Malkolm is cycling on! He is now cycling from Alaska to Washington DC, and then continuing on to the UN Climate Change conference in Cancun in December.
It all started with Bird Year, Malkolm and his parents' year-long, fossil-fuel-free journey in search of birds. Cycling a total of 13,133 miles (21,144 km), they identified 548 different bird species and raised more than $25,000 for bird conservation. Bird Year turned them into confirmed cyclists and taught them that climate change was more serious than they had thought.
In 2009, Malkolm biked from Whitehorse to Ottawa as a part of Pedal for the Planet: the project called for the Canadian Government to become a leader in the struggle to come to grips with climate change. The Harper Government did not even meet with the young cyclists.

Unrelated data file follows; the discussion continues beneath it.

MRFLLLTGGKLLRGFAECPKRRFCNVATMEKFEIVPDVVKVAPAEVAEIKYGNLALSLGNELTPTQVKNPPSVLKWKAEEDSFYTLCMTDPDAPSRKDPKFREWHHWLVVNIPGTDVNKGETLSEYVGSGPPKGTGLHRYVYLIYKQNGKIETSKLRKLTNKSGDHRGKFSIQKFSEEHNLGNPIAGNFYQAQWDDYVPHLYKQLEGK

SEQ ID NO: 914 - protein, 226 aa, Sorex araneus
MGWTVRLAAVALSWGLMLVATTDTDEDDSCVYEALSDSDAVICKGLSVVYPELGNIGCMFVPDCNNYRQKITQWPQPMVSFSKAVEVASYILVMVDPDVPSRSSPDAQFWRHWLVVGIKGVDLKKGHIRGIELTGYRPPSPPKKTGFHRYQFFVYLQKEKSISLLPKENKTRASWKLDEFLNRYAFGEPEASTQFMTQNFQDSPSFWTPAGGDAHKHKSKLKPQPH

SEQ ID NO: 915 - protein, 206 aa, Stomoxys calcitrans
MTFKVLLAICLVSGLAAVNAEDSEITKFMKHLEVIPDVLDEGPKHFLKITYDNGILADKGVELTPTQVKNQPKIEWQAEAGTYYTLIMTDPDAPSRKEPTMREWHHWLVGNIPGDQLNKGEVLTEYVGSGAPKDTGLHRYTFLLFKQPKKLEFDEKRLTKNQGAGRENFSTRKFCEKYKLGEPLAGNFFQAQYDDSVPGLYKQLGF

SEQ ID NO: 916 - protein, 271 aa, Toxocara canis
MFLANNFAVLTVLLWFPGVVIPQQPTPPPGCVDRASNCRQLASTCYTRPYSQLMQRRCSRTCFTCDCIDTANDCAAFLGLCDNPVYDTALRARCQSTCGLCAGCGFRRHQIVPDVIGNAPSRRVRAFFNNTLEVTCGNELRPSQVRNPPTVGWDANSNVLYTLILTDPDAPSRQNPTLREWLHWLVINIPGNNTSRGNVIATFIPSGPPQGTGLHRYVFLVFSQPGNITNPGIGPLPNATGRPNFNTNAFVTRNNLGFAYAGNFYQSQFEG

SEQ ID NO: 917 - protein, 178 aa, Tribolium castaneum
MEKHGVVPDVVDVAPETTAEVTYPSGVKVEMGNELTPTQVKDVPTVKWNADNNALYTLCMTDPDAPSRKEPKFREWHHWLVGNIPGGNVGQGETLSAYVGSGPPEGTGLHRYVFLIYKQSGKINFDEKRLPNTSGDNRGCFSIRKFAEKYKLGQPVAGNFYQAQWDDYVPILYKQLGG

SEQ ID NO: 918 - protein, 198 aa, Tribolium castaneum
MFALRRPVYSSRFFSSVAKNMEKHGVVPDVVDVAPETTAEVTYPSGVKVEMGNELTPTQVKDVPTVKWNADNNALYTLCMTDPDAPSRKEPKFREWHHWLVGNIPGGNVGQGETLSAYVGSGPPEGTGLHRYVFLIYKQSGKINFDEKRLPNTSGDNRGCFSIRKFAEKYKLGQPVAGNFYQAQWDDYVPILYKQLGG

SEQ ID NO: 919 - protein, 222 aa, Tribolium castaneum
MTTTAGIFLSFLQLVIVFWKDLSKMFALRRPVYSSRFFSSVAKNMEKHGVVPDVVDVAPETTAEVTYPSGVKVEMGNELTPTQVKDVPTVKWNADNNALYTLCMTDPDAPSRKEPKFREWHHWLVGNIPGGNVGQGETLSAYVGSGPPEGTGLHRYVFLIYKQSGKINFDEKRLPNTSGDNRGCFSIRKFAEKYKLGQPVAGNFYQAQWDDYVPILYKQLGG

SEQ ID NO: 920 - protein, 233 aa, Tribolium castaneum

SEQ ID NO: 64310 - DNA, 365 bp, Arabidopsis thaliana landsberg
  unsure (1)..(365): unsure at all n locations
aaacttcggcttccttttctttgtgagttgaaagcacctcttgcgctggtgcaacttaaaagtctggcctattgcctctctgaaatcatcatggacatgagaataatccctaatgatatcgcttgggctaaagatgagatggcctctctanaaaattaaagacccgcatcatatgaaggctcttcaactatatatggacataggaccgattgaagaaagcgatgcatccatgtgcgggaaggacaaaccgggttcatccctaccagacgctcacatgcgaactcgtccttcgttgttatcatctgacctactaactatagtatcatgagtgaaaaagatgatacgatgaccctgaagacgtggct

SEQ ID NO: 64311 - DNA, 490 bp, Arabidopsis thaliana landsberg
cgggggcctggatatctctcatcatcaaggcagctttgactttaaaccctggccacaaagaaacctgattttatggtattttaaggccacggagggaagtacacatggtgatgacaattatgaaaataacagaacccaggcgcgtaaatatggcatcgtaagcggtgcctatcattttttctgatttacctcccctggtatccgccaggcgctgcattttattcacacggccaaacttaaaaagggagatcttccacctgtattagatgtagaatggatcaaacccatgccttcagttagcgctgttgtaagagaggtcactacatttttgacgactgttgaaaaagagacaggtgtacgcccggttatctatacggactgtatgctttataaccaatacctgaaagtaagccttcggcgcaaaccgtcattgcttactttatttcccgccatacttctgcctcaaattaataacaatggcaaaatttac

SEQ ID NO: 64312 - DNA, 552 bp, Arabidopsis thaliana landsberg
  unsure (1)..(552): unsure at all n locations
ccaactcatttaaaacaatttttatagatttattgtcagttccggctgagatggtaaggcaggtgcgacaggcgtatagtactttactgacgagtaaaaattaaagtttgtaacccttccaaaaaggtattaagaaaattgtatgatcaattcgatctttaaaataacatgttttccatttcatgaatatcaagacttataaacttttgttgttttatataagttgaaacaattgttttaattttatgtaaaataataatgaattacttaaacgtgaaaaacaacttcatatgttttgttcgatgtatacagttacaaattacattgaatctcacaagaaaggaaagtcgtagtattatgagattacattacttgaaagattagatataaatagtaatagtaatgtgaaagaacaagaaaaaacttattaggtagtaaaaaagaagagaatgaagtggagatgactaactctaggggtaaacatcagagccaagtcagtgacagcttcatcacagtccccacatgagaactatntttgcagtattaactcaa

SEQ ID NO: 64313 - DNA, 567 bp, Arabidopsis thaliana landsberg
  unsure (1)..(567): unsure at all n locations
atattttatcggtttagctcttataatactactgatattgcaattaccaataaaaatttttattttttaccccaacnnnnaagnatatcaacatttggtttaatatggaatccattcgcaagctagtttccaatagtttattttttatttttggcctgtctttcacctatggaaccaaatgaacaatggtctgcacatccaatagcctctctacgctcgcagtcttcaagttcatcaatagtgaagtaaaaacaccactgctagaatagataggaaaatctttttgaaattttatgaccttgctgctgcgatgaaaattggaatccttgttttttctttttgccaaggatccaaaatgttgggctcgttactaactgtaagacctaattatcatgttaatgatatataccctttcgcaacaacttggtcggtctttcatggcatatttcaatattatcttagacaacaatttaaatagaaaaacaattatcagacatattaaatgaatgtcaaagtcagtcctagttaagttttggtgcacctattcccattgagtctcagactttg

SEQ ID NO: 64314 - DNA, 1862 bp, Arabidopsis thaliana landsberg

Malkolm is now 18 and just finished high school. On August 24, he dipped his foot in the Pacific Ocean in Skagway, Alaska. Then headed up and over the White Pass to the Alaska Highway on his journey to Washington and on to Cancun.

Tuesday, September 4, 2007

Arcata Marsh (Malkolm)

The roar of heavy machinery disturbed the peace of the marsh. I glanced over at the construction zone, wondering how much wetland was being destroyed.

“This is a rare example of where development is helping birds,” said Dave Fix, an expert who was showing us around Arcata Marsh. “That used to be moo-cow habitat, but the City of Arcata bought it and is turning it into a wetland. They’re doing a good job too. See those big piles of dirt- they’ll be islands, which the shorebirds will love.”

Of course, “re-wilding” isn’t as good as leaving a place alone to start with, but it’s a start. It’s great that a City Council would do something progressive like making developed land wild again, instead of filling in the entire wetland, to build a something like a giant strip mall.

We wandered through the wetland, marvelling at the flocks of Marbled Godwits, Willets and American Avocets, and glad that this place wasn’t covered in pavement.

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